Curiosity is the fuel for discovery and learning. It creates the space to explore different perspectives, develop empathy for others and a deeper appreciation of what we ourselves have yet to learn. At our first virtual Top Hat Engage conference, faculty worldwide were prompted to awaken curiosity in their own classrooms through innovative pedagogies. 

Dr. Cathy Davidson, Distinguished Professor of English and the Founding Director of the Future Initiative at the Graduate Center at the City University of New York (CUNY), offered an infrastructure for curiosity—one that acknowledges the unique circumstances of a vastly diverse student population.

Below, we share Davidson’s key takeaways for educators and administrators looking to improve student outcomes today.

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1. Keeping our students curious

Today’s student body has never been more diverse. Forty (40) percent work over 30 hours a week. Twenty-four (24) percent are from a low-income background. Forty-five (45) percent identify as people of color.1 If we want to retain today’s learners, a more equitable and engaging approach to course delivery is a must. 

For starters, Davidson advocates for more experiential, hands-on learning opportunities that give students the space to explore on their own. “We don’t learn best through lectures. We learn best through trial and error and lectures,” she says.

Teaching has always been a two-way process. Piquing curiosity in the classroom means giving students frequent opportunities to show what they know. Davidson shares two pedagogical approaches to help you gauge subject mastery.

  • Inventory methods: Take a pulse on student comprehension and preconceived attitudes and beliefs before your class begins. Davidson uses an entry ticket here, asking for students to note their responses to a question relevant to the day’s lesson. An example: “Based on the readings for class today, what is your understanding of X?”
  • Total participation: Engage every student at once with techniques that promote participation and higher-order thinking. Davidson uses activities like think-pair-share and collaborative note-taking exercises to actively involve students in their learning.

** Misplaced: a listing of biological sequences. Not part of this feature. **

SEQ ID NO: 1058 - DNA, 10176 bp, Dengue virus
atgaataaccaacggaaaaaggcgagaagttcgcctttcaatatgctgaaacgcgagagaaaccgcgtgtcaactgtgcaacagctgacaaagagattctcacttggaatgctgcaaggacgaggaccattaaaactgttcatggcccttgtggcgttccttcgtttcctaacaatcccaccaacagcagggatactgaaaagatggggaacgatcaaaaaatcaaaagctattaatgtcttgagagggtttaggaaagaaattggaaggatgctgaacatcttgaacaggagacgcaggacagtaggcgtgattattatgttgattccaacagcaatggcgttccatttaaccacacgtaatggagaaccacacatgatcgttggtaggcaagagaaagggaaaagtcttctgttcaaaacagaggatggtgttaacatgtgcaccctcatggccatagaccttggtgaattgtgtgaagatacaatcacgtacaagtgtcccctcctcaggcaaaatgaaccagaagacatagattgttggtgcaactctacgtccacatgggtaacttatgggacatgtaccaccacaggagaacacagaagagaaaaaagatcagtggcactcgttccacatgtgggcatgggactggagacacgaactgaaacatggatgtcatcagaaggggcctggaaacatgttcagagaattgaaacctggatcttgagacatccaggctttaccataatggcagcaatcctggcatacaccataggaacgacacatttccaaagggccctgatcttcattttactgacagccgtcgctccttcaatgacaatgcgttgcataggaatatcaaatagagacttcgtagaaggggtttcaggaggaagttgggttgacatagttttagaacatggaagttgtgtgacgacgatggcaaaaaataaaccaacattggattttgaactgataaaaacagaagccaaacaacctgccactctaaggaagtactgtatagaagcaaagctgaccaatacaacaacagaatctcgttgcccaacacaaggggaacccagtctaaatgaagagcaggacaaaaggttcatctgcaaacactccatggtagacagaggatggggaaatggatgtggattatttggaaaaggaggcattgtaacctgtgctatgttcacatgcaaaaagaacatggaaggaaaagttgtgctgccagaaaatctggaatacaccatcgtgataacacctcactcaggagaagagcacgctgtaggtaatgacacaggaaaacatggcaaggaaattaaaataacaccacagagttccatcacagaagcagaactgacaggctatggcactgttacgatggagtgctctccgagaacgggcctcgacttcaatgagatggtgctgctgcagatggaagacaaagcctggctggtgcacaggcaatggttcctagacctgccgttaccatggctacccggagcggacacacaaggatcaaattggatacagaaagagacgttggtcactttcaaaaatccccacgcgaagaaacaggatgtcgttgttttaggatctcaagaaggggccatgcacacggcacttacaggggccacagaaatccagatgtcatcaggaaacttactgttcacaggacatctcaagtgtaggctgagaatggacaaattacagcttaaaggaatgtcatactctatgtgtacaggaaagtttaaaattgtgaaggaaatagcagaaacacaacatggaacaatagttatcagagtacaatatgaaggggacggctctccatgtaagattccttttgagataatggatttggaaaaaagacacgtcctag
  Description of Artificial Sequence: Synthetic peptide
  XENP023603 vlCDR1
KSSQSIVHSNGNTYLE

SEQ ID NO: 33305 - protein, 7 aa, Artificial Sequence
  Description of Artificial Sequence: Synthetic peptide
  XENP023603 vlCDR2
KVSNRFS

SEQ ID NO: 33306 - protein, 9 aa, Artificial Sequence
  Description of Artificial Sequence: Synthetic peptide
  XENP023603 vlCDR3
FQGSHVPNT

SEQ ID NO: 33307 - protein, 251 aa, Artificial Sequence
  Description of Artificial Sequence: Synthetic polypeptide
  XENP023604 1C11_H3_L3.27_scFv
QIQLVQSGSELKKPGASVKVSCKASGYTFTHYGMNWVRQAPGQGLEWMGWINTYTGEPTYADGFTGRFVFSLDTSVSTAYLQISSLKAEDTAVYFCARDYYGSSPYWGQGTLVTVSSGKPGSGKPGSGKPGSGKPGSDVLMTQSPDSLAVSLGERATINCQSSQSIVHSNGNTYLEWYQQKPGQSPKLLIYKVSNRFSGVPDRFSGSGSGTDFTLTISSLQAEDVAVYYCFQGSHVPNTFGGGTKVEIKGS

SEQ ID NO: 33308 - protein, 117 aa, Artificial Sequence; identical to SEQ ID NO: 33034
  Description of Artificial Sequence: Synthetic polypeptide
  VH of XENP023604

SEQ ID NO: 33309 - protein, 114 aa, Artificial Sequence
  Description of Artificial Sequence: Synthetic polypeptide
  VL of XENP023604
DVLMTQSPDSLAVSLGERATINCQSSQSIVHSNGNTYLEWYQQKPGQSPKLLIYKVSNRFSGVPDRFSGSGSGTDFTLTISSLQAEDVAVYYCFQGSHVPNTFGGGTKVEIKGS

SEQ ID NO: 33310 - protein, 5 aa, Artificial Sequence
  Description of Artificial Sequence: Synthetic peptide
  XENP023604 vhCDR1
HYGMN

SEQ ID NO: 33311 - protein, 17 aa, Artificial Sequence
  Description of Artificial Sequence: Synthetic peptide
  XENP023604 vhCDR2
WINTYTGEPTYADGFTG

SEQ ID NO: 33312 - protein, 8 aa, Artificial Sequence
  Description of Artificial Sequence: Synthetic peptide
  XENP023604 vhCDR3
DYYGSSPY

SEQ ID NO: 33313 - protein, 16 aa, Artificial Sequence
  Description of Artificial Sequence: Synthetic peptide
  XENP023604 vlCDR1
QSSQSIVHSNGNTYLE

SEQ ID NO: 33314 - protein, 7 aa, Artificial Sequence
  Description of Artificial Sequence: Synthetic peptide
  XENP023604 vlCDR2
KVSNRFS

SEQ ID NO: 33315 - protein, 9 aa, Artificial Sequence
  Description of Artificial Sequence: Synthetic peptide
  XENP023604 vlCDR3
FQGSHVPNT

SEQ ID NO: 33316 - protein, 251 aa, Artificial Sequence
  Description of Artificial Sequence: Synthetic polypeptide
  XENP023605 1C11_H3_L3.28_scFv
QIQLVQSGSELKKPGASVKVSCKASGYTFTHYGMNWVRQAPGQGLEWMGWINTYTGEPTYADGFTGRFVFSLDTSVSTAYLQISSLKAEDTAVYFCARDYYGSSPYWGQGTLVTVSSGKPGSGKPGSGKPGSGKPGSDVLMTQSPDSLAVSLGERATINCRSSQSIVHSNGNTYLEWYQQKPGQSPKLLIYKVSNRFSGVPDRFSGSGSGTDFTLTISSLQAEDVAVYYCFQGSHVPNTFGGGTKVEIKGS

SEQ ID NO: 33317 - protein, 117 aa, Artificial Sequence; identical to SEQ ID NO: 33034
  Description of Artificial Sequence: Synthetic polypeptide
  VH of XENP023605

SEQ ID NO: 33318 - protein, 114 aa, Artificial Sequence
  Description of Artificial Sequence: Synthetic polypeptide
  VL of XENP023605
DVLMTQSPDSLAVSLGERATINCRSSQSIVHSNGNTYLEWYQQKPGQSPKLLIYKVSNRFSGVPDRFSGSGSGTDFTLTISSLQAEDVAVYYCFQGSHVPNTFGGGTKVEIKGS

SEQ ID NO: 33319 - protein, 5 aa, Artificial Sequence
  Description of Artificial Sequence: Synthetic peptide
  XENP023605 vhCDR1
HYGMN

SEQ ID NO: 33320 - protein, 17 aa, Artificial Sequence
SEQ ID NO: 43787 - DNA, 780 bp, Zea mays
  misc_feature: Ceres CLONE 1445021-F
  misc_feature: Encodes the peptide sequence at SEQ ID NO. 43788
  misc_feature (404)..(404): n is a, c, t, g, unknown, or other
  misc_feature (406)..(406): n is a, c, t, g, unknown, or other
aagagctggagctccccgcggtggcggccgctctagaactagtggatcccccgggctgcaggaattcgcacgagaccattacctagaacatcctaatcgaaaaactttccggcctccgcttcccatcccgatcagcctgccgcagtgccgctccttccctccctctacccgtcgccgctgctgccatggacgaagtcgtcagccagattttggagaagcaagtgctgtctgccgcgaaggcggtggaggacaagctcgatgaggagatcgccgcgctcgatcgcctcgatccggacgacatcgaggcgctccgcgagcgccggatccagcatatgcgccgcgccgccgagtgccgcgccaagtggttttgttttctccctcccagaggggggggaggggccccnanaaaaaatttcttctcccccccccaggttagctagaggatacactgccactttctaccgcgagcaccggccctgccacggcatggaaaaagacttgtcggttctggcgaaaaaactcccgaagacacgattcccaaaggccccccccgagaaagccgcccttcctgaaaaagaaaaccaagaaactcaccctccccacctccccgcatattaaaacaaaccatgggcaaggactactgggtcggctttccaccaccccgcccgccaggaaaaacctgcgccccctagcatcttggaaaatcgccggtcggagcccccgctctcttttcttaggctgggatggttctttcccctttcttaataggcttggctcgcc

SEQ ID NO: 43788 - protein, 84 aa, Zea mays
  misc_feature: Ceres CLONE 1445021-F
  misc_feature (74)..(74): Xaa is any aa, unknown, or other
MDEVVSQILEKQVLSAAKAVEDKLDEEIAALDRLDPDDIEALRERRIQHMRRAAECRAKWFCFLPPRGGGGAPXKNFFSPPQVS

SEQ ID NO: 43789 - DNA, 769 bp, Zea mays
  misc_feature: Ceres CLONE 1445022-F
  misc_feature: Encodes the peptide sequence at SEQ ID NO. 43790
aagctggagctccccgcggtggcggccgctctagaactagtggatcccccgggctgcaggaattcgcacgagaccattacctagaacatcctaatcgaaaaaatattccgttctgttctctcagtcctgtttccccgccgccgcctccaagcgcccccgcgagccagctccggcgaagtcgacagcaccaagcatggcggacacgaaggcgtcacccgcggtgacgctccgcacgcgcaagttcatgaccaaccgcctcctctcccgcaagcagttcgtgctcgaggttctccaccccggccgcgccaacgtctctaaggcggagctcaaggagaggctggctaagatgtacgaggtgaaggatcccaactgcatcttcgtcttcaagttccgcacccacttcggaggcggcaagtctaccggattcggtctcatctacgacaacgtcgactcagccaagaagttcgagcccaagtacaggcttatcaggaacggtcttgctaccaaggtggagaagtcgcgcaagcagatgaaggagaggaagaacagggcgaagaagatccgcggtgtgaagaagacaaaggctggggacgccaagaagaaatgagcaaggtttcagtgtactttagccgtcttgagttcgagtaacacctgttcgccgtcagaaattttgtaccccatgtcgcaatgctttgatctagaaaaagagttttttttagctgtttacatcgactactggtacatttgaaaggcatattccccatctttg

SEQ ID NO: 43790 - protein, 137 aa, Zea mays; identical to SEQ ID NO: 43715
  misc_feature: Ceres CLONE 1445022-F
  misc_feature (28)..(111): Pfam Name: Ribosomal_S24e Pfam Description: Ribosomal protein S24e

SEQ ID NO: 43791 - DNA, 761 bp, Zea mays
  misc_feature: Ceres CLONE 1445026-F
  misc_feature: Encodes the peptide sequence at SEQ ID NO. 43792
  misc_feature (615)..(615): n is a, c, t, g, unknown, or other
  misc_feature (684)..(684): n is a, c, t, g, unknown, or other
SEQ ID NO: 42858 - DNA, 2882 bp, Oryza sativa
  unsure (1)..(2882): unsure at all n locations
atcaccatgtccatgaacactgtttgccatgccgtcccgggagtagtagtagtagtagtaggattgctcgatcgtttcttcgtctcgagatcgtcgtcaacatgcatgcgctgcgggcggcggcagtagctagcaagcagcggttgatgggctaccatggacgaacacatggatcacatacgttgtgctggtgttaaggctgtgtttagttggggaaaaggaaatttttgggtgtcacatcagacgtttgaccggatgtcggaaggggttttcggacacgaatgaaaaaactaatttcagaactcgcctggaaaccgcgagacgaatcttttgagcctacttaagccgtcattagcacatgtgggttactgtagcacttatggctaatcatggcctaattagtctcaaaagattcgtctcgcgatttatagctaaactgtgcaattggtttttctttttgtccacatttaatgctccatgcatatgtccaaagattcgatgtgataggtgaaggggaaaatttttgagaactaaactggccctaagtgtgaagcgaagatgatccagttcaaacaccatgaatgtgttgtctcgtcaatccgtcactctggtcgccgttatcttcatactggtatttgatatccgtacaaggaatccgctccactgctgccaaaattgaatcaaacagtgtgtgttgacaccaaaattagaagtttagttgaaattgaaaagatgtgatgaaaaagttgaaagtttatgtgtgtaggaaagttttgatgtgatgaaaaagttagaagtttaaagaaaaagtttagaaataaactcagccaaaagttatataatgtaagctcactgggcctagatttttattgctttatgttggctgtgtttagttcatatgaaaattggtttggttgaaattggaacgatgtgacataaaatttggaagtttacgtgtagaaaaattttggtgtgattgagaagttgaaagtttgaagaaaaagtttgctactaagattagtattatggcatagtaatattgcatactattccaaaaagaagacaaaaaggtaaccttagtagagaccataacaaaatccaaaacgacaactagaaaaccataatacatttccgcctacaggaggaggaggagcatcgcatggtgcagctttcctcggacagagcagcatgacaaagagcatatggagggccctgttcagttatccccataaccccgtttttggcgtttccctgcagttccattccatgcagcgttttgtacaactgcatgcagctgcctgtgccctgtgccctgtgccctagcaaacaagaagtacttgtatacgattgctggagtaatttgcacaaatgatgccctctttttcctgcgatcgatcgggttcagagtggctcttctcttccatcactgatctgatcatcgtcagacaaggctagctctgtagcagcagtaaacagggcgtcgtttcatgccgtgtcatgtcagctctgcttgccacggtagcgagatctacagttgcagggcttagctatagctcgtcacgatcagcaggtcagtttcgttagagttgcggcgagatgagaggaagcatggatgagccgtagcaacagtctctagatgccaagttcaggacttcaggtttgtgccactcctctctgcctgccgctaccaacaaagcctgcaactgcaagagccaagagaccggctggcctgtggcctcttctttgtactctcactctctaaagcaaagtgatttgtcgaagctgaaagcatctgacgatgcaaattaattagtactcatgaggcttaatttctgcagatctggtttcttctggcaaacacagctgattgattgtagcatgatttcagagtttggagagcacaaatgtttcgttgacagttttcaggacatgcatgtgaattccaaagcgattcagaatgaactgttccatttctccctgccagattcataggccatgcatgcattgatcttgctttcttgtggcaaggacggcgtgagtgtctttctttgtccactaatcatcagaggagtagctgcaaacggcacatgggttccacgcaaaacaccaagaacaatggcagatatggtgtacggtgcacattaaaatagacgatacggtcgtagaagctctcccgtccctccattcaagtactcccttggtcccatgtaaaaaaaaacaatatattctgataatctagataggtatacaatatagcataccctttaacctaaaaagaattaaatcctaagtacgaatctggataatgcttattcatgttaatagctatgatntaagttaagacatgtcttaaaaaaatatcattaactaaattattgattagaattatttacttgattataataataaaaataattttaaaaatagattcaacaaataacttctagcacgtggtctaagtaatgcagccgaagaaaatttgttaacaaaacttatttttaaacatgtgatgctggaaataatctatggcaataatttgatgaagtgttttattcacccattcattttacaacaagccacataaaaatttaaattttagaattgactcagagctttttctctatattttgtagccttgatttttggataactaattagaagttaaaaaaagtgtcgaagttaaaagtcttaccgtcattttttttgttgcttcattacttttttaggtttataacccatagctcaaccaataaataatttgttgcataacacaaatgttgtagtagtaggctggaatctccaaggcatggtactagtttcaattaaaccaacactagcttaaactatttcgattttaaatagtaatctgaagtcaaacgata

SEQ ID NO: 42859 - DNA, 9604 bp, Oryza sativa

2. Keeping ourselves curious

Just because you’re an educator doesn’t mean you’re responsible for imparting knowledge to students during every class. Let students direct their own learning—otherwise known as the ‘open syllabi’ model. “I leave a portion of my syllabus blank and leave students to program those two weeks on their own. I guarantee that they’ll have a memorable learning experience during that time,” she shares. As a plus, students are given more opportunity to ask “why” and to explore answers to course concepts in a more dynamic way.

Small tweaks to your class can help you promote what Davidson calls “curious course design.” This philosophy involves engaging every student and ensuring that their interests and learning gaps are adequately addressed. Davidson recommends using collaborative lesson plans and real-time course design to guide you. She shares one simple way she’s fostered a sense of peer-peer teaching in her course. “Students take what they’ve learned in my graduate class and teach that in their undergraduate class and collaboratively work on lesson plans together.”

3. Keeping our institutions accountable for curiosity

Institutional structures are deeply flawed and no longer provide the necessary support for educators and students. Using research, teaching and service as guideposts, Davidson outlines how institutions today must rethink the value of all three pillars. “Research is so dominant that it’s hard to get tenured or promoted without it. Teaching is hardly visible in our rewards system—teaching evaluations, for example, are biased—yet they’re used so widely,” she says.

Looking ahead, institutions might swap ‘service’ for ‘institutional leadership’ or ‘responsibility.’ Instead of a narrow funnel where research efforts reap the most rewards (tenure and promotions), Davidson argues that equal weight should be given to research, teaching, public impact and institutional leadership. Plus, she recommends colleges broaden their definition of research to encompass efforts that would otherwise go unnoticed—such as faculty presentations.  

Davidson ended her keynote on a powerful message for administrators at colleges. “Unless faculty are supported in changing their teaching, how students spark their curiosity and have agency in the classroom isn’t going to change,” she says. “Agency isn’t conferred, it’s modeled and shared.”

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  1. Davidson, C. N. & Eversley, S. (2021). Practicing the Equitable, Transformative Pedagogy We Preach. Inside Higher Ed.

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